For example, “Blue Moon” by the famed songwriters Rodgers and Hart would be a great place to start. With a simple chord progression and classic melody, “Blue Moon” is a wonderful way to dip your toes into some basic seventh chords to improvise with.

Another example from Skoove’s library is “Fly Me to the Moon.” Originally composed by Bart Howard in 1954 but made popular a decade later by the singer Frank Sinatra, “Fly Me to the Moon” is another jazz standard that is perfectly suited for beginners interested in checking out some basic jazz chords that are nice and simple to improvise over.

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Finally, “Autumn Leaves” is one of the most frequently performed jazz standards. Basically everyone who studies jazz at any point will learn how to play “Autumn Leaves.” While the chord progression is a little more complex than “Fly Me to the Moon” or “Blue Moon”, you should not be afraid. The tune is a classic of the standard jazz repertoire and quite fun to improvise with!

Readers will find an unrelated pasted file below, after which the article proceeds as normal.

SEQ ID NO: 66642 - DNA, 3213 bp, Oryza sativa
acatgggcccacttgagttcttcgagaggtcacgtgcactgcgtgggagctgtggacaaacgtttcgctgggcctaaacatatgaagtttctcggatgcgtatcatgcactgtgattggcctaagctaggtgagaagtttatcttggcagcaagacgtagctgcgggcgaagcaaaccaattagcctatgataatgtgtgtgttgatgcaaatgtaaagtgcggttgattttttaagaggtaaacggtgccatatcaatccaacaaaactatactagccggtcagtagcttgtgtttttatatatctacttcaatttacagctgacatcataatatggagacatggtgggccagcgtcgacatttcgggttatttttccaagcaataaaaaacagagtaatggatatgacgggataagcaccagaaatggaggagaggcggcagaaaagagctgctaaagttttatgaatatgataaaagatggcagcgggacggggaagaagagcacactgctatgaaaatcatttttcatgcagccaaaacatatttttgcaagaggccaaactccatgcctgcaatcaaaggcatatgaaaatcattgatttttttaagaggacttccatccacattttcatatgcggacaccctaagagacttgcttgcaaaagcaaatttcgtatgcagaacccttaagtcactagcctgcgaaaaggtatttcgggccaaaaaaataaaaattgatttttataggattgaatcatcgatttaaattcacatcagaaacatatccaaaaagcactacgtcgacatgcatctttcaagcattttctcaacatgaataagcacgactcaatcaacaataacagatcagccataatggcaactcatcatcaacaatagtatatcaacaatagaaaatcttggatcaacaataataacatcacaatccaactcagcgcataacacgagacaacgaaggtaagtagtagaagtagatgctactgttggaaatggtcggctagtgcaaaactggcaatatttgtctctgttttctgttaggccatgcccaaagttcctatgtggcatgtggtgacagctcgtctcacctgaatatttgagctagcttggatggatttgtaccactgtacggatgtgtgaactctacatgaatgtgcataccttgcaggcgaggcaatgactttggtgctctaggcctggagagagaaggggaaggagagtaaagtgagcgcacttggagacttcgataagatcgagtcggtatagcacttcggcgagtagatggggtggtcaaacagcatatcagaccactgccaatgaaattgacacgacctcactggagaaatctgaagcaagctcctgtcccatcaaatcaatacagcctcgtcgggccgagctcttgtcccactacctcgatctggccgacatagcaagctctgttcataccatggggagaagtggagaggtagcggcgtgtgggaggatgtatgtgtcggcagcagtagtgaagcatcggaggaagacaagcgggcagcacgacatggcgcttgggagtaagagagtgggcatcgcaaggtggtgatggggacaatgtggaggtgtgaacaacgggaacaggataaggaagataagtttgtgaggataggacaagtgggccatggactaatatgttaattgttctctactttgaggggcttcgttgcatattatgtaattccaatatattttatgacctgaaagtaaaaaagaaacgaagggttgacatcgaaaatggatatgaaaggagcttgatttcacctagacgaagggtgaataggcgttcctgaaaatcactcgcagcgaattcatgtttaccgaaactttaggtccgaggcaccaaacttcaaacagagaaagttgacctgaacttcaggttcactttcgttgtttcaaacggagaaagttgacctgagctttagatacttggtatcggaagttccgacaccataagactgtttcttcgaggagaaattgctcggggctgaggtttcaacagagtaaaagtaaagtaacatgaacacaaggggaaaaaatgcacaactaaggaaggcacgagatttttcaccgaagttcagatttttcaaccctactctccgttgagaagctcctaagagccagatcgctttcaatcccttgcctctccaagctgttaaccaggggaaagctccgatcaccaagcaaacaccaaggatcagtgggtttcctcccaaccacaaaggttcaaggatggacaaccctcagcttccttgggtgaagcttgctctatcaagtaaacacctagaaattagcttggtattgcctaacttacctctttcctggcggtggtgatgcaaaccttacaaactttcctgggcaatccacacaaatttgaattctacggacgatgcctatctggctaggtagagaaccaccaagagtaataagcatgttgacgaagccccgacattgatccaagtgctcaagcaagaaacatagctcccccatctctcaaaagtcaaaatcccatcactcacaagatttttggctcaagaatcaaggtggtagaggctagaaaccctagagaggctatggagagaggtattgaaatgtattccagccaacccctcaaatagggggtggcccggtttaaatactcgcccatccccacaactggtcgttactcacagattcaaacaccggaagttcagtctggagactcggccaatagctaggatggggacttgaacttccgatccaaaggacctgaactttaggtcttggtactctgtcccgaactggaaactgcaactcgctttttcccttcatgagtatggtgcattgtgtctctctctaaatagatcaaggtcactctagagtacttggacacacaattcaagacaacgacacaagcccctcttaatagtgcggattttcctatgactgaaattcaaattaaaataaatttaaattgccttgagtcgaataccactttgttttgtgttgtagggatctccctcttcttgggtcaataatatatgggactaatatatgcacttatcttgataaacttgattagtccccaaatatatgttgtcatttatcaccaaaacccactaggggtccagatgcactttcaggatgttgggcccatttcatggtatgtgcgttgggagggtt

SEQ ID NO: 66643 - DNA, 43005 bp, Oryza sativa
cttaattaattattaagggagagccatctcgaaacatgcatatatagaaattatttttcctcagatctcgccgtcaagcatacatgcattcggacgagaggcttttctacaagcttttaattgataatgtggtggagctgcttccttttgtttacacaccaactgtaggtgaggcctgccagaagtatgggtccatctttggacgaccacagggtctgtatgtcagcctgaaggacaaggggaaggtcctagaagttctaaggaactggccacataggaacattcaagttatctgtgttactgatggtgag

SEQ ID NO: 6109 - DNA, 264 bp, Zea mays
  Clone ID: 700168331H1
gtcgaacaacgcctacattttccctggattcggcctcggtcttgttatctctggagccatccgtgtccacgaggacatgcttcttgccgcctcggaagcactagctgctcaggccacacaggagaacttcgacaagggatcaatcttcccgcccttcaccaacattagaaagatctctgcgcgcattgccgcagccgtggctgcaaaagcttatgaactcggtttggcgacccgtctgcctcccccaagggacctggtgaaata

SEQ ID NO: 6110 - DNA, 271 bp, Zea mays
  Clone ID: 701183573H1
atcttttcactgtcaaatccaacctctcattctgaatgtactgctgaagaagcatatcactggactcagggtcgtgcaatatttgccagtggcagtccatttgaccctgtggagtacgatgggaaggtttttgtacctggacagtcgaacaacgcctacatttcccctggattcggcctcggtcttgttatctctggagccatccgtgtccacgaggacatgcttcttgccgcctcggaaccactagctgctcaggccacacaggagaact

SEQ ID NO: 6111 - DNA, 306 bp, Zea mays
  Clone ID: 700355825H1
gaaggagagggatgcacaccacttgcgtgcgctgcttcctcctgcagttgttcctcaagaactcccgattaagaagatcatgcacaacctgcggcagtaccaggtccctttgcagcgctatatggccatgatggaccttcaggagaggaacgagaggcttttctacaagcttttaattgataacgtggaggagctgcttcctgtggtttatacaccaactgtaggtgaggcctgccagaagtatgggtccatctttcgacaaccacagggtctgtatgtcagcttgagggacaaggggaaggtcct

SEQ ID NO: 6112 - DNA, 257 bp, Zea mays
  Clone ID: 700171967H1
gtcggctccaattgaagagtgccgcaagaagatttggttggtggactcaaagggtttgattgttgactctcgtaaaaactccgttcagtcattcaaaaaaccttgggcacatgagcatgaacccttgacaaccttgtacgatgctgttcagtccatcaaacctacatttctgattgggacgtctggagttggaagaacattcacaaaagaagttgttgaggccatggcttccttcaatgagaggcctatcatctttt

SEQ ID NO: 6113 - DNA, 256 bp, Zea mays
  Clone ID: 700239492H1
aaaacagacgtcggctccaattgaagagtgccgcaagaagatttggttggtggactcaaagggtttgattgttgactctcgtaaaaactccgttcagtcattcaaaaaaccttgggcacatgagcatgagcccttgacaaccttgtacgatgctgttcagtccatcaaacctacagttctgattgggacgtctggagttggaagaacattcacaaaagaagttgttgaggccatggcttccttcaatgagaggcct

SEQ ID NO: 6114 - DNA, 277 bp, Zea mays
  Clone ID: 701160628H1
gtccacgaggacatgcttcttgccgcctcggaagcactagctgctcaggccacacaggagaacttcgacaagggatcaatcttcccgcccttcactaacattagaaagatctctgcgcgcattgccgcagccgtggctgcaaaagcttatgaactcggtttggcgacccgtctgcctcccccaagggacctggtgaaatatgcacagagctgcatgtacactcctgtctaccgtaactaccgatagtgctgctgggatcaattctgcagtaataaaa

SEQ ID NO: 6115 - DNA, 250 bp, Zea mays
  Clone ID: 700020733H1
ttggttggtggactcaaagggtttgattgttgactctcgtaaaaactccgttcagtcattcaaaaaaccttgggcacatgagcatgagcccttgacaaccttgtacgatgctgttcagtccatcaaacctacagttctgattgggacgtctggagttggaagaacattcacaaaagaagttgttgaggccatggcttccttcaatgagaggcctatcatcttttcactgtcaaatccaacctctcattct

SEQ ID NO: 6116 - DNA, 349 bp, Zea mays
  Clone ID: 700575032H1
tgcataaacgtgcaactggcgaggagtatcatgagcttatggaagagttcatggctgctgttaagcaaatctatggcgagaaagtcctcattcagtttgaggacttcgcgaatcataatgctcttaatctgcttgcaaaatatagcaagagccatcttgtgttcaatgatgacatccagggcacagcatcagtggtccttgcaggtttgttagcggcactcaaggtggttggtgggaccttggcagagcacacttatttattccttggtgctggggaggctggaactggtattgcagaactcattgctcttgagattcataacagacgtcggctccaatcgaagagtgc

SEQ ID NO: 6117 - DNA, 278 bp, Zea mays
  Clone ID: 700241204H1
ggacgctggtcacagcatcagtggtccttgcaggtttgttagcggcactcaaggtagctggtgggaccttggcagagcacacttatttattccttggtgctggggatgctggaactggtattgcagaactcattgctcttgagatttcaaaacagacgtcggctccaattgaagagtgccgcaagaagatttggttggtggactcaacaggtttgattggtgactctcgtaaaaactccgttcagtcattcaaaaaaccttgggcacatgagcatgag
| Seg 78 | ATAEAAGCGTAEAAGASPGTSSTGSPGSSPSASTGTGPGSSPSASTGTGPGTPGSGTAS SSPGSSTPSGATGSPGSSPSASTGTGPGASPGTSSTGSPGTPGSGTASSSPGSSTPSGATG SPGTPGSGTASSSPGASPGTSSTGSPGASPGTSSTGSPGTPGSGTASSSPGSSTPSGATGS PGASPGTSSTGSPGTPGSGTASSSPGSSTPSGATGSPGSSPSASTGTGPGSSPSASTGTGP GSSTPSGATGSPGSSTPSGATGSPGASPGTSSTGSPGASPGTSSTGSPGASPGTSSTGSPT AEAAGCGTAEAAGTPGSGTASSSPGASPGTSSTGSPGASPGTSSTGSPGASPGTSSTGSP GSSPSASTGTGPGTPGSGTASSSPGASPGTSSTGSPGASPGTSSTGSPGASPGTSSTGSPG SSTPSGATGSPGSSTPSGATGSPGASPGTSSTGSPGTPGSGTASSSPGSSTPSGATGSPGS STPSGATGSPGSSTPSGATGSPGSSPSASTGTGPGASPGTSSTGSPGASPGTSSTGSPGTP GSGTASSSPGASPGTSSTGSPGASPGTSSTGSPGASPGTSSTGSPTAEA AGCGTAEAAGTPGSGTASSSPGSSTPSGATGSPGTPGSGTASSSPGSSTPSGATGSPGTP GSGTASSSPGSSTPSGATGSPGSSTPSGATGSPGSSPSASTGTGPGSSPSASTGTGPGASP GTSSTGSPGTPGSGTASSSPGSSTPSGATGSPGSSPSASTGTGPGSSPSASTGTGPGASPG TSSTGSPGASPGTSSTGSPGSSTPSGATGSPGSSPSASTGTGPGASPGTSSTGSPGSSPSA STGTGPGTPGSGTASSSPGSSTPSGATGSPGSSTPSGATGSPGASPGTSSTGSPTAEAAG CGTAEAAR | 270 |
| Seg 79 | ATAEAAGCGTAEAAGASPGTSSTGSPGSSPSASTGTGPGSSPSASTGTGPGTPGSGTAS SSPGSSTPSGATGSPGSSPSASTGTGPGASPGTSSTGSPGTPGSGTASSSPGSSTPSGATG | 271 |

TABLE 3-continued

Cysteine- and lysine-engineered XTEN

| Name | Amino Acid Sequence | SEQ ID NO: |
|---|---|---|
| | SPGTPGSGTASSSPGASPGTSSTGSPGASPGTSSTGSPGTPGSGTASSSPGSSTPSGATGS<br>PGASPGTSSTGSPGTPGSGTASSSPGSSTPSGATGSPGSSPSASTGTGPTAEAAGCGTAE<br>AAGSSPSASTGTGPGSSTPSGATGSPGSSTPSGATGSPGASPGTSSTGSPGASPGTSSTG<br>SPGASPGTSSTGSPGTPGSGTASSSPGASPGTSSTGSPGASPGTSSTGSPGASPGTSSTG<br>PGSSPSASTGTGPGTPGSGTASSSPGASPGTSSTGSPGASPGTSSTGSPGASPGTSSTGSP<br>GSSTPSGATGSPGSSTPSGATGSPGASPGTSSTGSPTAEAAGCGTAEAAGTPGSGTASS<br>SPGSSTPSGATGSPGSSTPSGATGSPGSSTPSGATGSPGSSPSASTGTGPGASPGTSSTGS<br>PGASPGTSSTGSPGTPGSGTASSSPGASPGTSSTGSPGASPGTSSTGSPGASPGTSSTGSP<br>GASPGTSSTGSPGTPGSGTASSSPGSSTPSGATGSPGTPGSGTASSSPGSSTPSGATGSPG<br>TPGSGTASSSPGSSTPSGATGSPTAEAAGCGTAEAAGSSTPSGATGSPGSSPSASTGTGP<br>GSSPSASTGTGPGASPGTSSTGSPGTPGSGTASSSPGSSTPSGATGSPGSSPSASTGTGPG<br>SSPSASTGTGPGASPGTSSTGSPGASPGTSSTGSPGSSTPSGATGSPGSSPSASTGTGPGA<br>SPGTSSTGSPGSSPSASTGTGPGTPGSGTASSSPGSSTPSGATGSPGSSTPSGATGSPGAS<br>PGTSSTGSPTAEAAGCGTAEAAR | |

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Bring it back to basics

There are many similarities between jazz and classical music and you can apply many of the same skills from classical piano to jazz. Understanding of basic scales, chords, and piano technique is essential to both styles. 

However, the biggest difference is the approach to performance. Jazz relies more on improvisation through skeletal song structures while classical music leans on highly composed material that is performed nearly identically everytime. 

If you are interested in learning more about topics like the modes of the major scale, jazz chord progressions, and piano technique, give Skoove a try and start a 1 month trial now!

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Author of this blog post:

Edward Bond

Eddie Bond is a multi-instrumentalist performer, composer, and music instructor currently based in Seattle, Washington USA. He has performed extensively in the US, Canada, Argentina, and China, released over 40 albums, and has over a decade experience working with music students of all ages and ability levels.